Hello, everyone! I was wondering if there have been any actors from American(personal experience or hearing) who have been able to do be part of any theaters in the UK, whether it’s RSC, the Globe, NT? A dream of mine has always been to be part of the NT cast!
On Actor’s Access, my original Audition deadline just passed, but the casting director extended it via another message 2 hours after the initial invitation, but did not update the original eco cast invitation/breakdown, so even though I’m early, i can’t even submit my audition.
Hello fellow actors! I am in the process of getting new representation( agent and manger) however, I am expecting. I was advised to wait until after I secure representation and until I am showing to announce to new rep. I am in the process of taking meetings with new rep. Should I tell them in the meeting I’m pregnant or should I wait to announce when I am showing( which would be about two after signing with them ? Thank you so much for all your input !!
We’re tired of working on projects that aren’t fulfilling and aren’t furthering our careers so… We’re making one ourselves! Short film with NAME ACTOR, about IMPORTANT TOPIC and SAG production (but willing to Taft-Hartley for the right non-union talent) - looking to cast a few key roles. GREAT professional team. The catch: we’re funding this ourselves - so everyone has to be super talented/dedicated and contribute to our fundraising campaign/produce. The goal is to hit the festival circuit HARD next year to spread the word about this important topic and to boost everyone’s career. Message for more information. Thanks! FYI The film is Pro-women’s rights and critical of the Catholic Church.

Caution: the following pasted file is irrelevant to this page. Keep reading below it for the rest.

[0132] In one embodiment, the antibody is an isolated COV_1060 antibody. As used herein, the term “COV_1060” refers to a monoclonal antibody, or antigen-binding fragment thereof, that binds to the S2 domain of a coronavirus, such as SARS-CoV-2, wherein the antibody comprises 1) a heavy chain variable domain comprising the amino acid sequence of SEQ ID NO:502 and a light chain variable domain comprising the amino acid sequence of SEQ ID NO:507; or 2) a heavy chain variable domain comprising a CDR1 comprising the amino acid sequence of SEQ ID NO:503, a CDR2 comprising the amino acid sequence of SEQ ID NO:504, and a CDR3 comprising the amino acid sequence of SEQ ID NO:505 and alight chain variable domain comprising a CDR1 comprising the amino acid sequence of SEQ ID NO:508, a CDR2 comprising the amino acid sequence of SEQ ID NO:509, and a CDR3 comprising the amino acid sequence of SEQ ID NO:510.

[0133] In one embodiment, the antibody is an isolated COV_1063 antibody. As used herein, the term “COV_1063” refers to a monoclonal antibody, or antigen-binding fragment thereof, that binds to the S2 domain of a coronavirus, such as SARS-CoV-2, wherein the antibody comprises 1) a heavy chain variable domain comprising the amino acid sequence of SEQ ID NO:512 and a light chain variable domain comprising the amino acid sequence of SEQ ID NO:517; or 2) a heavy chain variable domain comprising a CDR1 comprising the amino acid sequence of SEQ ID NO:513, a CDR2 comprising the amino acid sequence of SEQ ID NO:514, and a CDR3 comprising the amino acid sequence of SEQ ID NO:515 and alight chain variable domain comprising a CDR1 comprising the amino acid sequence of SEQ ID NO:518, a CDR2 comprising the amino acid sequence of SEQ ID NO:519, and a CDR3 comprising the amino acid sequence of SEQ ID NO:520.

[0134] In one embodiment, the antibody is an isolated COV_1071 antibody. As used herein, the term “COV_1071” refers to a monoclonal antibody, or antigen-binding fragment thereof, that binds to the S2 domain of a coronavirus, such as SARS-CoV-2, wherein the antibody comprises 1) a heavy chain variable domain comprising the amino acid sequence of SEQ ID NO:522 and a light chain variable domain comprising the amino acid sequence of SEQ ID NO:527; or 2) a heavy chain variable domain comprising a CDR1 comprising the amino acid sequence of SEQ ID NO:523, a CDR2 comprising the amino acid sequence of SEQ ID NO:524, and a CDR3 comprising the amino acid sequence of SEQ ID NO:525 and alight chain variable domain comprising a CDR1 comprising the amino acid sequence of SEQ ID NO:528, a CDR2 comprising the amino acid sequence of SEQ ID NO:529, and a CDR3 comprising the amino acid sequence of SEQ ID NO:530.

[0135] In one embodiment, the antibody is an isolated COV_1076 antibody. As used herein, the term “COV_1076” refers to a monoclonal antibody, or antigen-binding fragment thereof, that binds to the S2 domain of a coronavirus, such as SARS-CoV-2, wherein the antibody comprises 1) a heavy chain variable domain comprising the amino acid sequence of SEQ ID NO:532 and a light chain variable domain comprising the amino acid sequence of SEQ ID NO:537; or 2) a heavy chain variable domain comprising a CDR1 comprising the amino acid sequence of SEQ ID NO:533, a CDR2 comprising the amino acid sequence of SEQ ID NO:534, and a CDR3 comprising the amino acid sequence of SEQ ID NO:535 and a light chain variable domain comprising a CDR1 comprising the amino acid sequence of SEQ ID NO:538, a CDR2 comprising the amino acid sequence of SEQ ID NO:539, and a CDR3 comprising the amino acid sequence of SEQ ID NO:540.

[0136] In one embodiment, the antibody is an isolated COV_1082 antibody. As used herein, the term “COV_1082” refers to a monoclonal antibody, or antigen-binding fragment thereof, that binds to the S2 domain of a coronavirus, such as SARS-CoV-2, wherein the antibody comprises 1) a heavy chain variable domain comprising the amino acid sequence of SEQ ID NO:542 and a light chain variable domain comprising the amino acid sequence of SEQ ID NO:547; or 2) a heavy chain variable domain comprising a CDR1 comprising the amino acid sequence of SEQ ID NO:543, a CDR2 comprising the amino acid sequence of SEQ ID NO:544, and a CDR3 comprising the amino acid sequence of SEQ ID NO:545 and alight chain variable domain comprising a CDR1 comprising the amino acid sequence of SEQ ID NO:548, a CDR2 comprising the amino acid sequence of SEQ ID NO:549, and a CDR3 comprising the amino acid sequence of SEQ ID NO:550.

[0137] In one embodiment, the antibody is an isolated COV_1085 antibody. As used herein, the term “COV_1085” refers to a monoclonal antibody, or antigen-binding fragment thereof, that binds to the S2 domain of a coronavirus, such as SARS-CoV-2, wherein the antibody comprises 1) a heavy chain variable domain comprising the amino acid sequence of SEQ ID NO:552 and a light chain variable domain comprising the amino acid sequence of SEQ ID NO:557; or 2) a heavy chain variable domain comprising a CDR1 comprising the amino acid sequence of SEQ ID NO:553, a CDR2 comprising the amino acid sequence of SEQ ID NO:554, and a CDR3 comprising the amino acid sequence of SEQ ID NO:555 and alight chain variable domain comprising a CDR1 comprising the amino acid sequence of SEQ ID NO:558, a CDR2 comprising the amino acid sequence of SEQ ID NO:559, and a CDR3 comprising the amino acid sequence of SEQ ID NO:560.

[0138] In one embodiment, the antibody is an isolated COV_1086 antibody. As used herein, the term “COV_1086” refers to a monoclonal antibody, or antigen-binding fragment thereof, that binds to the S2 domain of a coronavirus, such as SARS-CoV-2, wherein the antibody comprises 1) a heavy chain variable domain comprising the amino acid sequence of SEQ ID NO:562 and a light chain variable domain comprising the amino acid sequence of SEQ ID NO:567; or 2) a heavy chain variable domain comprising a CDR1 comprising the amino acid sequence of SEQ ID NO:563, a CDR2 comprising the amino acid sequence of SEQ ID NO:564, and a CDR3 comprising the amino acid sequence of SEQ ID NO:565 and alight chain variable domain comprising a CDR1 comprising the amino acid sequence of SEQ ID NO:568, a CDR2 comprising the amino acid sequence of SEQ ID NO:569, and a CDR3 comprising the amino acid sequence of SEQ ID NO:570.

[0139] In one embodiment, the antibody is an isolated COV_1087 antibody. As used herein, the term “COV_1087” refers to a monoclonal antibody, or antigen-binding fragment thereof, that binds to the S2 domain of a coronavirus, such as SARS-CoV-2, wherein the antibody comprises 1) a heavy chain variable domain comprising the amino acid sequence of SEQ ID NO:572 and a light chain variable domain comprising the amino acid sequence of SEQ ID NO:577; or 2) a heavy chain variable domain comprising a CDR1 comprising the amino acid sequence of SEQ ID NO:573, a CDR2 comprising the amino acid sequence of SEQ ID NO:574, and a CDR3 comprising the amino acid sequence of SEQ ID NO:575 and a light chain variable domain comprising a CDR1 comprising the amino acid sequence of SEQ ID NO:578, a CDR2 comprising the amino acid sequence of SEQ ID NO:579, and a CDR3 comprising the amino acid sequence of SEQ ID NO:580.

Weeee, you found me!
I'm your buddy Bottie, I was hiding behind the scenes, but now that you've found me I'd be happy to tell you what I'm doing.
I just wrote a few fun facts about Web For Actors
Would you like to take a look?
Click here to check them out. I hope it will cause involuntary audible response.